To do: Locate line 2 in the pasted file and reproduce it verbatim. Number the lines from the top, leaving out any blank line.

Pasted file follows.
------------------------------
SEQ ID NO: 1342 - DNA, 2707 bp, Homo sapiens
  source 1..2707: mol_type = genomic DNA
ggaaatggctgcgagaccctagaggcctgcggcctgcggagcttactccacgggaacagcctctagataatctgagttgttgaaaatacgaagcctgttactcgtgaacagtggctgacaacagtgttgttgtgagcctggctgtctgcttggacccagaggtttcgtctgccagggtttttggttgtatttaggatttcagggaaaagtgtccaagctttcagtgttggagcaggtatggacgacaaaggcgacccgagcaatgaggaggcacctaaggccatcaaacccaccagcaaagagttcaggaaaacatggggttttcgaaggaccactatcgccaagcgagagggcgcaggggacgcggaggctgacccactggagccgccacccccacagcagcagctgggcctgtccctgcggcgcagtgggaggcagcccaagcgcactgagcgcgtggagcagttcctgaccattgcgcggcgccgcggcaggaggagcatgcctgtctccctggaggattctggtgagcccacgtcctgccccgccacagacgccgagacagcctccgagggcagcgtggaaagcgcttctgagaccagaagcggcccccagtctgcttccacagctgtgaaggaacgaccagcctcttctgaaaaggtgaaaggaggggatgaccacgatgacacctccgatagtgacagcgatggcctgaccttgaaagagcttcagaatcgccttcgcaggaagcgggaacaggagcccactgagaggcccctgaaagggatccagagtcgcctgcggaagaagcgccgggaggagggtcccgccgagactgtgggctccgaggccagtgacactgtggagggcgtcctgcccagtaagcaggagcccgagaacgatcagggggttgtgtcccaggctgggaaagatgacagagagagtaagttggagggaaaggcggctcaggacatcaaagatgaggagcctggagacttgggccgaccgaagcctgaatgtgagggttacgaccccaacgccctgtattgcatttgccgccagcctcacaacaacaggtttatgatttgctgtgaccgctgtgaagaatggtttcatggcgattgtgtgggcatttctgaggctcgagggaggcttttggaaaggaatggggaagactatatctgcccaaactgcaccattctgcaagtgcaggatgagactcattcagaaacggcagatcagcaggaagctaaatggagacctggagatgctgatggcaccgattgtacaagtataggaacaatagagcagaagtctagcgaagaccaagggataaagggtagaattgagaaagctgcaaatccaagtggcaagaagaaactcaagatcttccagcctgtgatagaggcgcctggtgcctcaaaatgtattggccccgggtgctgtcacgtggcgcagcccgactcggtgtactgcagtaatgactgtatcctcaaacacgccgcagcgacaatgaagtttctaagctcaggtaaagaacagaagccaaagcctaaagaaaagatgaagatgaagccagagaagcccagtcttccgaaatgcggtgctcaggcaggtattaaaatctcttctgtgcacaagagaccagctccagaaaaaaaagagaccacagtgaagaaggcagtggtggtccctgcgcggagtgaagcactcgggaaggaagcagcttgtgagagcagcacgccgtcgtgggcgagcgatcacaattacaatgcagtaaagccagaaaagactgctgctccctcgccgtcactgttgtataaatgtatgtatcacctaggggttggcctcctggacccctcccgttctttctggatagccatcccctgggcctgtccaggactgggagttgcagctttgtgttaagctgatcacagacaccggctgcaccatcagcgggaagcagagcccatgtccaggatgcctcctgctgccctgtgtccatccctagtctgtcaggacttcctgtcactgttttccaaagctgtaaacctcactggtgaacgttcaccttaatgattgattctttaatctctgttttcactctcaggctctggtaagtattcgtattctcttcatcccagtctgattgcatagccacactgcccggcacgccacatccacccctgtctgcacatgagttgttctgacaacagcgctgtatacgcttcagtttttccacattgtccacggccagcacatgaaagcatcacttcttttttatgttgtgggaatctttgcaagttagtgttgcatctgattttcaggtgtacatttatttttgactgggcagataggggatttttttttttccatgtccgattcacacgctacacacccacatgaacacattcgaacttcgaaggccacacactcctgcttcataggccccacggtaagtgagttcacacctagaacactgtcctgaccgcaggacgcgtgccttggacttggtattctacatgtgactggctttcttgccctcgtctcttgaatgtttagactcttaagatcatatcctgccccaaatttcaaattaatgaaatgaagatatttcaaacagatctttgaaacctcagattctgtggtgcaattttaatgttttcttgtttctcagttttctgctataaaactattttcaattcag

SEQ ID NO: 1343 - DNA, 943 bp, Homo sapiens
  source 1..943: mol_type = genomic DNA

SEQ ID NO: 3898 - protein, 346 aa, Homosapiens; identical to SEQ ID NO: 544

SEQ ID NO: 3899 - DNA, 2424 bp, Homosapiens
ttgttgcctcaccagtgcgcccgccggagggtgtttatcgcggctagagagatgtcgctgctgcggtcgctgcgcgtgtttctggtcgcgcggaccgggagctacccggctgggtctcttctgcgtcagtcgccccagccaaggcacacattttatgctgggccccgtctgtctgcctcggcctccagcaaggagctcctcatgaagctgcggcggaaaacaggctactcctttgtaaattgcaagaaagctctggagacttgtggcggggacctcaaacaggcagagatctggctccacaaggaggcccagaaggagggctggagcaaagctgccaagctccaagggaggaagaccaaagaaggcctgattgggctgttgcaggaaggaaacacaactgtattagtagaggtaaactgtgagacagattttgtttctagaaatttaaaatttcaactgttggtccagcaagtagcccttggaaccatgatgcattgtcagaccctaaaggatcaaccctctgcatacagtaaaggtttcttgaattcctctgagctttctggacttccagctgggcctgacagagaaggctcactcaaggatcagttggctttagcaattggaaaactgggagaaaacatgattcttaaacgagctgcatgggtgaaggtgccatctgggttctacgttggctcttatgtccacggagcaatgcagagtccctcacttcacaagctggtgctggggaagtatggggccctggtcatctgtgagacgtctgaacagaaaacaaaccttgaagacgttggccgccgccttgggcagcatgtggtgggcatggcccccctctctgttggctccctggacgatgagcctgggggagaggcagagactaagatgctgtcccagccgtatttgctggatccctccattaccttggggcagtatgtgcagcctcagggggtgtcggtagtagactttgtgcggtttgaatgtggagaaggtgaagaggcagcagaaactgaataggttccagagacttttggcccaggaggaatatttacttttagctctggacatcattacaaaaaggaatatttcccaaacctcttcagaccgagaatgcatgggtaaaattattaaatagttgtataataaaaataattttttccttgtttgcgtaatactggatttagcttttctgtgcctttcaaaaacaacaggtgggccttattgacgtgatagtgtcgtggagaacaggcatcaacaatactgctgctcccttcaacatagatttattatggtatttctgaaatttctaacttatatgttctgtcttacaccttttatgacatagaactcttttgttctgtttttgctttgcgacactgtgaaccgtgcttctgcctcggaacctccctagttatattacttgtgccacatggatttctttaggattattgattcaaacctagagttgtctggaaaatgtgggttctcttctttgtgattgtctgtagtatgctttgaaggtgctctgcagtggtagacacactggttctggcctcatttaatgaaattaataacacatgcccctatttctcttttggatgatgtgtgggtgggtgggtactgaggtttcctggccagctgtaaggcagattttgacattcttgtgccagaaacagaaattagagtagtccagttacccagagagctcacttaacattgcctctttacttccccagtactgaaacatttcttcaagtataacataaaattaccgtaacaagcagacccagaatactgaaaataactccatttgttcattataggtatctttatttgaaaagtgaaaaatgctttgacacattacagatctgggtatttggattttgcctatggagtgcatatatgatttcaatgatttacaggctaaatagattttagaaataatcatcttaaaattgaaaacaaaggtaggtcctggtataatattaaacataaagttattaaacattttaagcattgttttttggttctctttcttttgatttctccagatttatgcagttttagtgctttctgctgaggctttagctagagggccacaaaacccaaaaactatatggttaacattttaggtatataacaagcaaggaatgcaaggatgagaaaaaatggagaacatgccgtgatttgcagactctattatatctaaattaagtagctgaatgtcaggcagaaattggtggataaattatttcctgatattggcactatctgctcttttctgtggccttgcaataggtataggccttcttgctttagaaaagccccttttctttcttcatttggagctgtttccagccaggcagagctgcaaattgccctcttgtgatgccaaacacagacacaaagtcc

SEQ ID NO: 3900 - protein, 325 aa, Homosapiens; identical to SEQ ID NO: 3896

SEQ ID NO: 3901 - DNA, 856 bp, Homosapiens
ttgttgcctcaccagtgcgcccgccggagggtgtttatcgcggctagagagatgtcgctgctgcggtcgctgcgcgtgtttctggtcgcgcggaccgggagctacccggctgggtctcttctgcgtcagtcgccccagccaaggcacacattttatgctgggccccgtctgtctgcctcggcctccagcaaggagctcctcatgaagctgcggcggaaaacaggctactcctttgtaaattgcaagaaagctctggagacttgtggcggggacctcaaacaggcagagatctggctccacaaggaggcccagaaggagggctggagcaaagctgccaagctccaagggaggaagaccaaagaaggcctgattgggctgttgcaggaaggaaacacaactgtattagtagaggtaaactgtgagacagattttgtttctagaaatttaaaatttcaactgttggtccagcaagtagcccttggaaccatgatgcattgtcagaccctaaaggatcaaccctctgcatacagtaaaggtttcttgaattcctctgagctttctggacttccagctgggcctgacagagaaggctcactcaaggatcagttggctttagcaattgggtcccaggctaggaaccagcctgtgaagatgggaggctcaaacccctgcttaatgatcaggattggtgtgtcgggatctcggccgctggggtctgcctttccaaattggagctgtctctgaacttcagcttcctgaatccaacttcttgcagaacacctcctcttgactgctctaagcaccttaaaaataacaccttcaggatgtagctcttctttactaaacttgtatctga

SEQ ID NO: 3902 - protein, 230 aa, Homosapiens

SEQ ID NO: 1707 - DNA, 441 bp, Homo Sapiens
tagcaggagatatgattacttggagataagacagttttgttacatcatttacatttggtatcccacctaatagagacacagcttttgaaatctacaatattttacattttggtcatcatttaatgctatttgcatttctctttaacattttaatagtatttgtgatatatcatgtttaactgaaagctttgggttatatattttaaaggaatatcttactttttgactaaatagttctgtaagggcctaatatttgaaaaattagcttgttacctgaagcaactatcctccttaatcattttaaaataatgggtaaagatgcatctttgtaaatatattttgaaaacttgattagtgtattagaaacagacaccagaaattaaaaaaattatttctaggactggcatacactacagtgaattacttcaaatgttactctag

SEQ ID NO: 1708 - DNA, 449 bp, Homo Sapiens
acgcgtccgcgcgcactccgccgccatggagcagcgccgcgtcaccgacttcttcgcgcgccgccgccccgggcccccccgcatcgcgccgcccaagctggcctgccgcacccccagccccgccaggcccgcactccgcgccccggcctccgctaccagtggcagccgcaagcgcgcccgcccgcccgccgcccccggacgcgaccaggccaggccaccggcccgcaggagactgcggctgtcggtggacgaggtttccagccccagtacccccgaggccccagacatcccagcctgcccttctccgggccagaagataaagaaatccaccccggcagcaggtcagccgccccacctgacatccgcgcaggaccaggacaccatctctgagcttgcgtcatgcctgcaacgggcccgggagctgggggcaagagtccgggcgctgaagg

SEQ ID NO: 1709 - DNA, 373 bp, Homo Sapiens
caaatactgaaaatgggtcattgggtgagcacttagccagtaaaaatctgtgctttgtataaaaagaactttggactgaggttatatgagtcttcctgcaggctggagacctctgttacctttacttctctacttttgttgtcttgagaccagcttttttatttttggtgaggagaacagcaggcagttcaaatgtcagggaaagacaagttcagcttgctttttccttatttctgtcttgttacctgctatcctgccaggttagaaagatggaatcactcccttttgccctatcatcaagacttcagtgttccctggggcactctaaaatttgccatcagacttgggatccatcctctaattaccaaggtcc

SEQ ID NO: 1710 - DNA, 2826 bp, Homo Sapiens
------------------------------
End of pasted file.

  source 1..2707: mol_type = genomic DNA